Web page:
Social Security Administration Asked to Improve Interagency Death List

Flickr user dumbeast

As the compiler of the death master list of Americans used by many agencies, the Social Security Administration could do more to reduce data errors and erroneous payments to deceased beneficiaries by clarifying the risks, Congress’ watchdog found.

“SSA lacks written guidelines other than the language in the [Social Security] Act for determining whether agencies are eligible under the act to access the full death file, and it does not share with agencies how it determines the reasonable cost of sharing the data, which recipients of the full file are required to reimburse SSA,” the Government Accountability Office wrote in a report released Dec. 27.

For decades the Social Security Administration has updated the death master list using information from state agencies and families, selling the data to other agencies such as the Internal Revenue Service and the Veterans Affairs Department. It also makes a shortened version available to the public through the Commerce Department’s National Technical Information Service.

But SSA currently verifies only the data needed to confirm eligibility for Social Security checks, and Congress is considering legislation to make full data available to a wider range of agencies.

“Federal benefit programs’ need for accurate administrative data, such as death information, is increasingly evident in an environment of continuing budget shortages, where improper payments due to inaccurate information cost taxpayers billions of dollars in fiscal year 2012,” GAO noted. “Because of its mission, SSA is uniquely positioned to collect and manage death data at the federal level.”

The agency doesn’t know how to address errors or provide other agencies with timely information “because SSA has never analyzed the risk posed by errors or processes that could result in errors,” GAO said.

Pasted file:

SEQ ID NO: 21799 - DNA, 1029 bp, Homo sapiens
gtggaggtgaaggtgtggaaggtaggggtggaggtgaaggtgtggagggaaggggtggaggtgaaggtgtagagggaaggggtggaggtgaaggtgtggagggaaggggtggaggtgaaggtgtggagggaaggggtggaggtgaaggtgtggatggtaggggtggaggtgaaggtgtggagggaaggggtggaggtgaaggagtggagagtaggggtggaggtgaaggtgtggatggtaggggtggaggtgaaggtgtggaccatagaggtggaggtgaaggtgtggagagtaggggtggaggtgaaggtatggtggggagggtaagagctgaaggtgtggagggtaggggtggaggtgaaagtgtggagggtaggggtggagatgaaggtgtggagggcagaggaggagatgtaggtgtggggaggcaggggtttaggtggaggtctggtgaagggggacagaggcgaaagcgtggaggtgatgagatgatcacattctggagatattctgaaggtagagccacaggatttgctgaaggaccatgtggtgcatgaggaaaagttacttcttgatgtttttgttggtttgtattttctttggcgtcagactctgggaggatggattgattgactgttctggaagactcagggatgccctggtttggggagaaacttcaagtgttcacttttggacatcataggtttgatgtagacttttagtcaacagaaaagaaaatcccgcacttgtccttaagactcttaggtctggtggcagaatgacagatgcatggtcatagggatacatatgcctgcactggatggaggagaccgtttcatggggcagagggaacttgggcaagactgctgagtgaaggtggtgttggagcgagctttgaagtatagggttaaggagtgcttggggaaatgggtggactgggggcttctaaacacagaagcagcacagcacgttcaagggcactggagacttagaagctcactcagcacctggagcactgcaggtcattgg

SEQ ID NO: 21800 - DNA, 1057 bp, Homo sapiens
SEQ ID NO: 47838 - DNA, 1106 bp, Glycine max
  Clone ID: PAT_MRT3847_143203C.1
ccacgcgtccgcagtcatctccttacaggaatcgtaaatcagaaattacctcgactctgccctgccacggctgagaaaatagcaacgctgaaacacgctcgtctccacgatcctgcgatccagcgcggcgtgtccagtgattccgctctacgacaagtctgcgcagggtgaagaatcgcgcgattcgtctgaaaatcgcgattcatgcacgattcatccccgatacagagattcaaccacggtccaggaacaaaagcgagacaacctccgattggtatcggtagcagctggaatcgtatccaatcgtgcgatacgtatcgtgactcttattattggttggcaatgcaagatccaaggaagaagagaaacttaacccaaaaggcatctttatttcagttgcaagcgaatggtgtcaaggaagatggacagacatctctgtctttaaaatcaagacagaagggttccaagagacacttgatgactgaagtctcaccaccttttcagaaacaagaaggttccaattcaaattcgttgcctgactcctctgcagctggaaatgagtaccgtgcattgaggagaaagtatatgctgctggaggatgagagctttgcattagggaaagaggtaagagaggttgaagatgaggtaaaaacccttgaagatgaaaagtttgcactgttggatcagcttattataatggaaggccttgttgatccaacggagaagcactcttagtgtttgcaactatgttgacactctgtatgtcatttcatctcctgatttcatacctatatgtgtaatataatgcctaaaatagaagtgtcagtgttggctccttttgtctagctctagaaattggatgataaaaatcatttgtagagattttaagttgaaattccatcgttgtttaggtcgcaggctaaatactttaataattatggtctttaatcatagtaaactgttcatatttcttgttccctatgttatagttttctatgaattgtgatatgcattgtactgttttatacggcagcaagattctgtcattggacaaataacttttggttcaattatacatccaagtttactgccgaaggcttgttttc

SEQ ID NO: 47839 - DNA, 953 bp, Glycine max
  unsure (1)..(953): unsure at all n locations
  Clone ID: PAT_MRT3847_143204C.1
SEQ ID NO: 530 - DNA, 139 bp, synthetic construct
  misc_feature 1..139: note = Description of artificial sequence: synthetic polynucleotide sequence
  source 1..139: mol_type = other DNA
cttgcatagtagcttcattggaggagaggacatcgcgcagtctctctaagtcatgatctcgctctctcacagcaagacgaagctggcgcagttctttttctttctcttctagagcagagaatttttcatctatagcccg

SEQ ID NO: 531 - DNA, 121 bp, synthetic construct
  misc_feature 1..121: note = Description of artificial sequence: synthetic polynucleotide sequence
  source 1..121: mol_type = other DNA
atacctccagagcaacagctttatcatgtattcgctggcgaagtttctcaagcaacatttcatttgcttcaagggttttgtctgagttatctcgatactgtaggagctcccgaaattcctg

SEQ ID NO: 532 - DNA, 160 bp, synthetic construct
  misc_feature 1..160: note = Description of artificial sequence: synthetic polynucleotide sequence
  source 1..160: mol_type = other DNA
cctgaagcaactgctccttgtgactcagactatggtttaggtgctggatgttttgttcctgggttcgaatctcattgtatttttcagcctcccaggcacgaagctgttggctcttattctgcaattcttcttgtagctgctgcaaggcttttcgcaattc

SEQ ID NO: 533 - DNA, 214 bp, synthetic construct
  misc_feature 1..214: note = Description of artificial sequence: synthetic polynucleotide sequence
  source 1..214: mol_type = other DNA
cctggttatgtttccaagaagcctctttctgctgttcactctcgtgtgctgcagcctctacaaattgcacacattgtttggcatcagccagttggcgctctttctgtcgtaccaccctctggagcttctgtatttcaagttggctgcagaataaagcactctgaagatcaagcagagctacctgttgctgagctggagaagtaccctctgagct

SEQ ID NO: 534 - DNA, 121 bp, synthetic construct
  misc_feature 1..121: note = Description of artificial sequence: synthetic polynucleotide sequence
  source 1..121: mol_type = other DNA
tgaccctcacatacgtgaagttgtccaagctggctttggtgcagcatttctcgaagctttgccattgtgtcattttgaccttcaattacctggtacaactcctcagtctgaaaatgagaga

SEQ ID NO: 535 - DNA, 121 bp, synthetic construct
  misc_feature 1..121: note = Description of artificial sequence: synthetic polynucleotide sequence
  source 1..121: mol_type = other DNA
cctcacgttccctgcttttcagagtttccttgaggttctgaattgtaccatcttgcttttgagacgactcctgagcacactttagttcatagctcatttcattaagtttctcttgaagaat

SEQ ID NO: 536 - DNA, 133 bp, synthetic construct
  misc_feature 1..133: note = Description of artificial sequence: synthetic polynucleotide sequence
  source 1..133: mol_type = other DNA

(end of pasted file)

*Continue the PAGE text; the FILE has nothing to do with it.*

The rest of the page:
In addition, SSA’s pricing is insufficiently transparent to ensure that all agencies negotiate similar terms for acquiring the data.

GAO recommended that SSA assess risks associated with inaccuracies; develop and publicize guidance it will use to determine agency access under the law; and share detailed reimbursement estimates.

SSA accepted most of the recommendations but balked at developing and publicizing guidance, stating that each request is unique and that “it is not a typical government business practice to share these detailed costs for reimbursable agreements.”

(Image via Flickr user dumbeast)

Stay up-to-date with federal news alerts and analysis — Sign up for GovExec's email newsletters.
Close [ x ] More from GovExec

Thank you for subscribing to newsletters from
We think these reports might interest you:

  • Sponsored by G Suite

    Cross-Agency Teamwork, Anytime and Anywhere

    Dan McCrae, director of IT service delivery division, National Oceanic and Atmospheric Administration (NOAA)

  • Data-Centric Security vs. Database-Level Security

    Database-level encryption had its origins in the 1990s and early 2000s in response to very basic risks which largely revolved around the theft of servers, backup tapes and other physical-layer assets. As noted in Verizon’s 2014, Data Breach Investigations Report (DBIR)1, threats today are far more advanced and dangerous.

  • Federal IT Applications: Assessing Government's Core Drivers

    In order to better understand the current state of external and internal-facing agency workplace applications, Government Business Council (GBC) and Riverbed undertook an in-depth research study of federal employees. Overall, survey findings indicate that federal IT applications still face a gamut of challenges with regard to quality, reliability, and performance management.

  • PIV- I And Multifactor Authentication: The Best Defense for Federal Government Contractors

    This white paper explores NIST SP 800-171 and why compliance is critical to federal government contractors, especially those that work with the Department of Defense, as well as how leveraging PIV-I credentialing with multifactor authentication can be used as a defense against cyberattacks

  • Toward A More Innovative Government

    This research study aims to understand how state and local leaders regard their agency’s innovation efforts and what they are doing to overcome the challenges they face in successfully implementing these efforts.

  • From Volume to Value: UK’s NHS Digital Provides U.S. Healthcare Agencies A Roadmap For Value-Based Payment Models

    The U.S. healthcare industry is rapidly moving away from traditional fee-for-service models and towards value-based purchasing that reimburses physicians for quality of care in place of frequency of care.

  • GBC Flash Poll: Is Your Agency Safe?

    Federal leaders weigh in on the state of information security


When you download a report, your information may be shared with the underwriters of that document.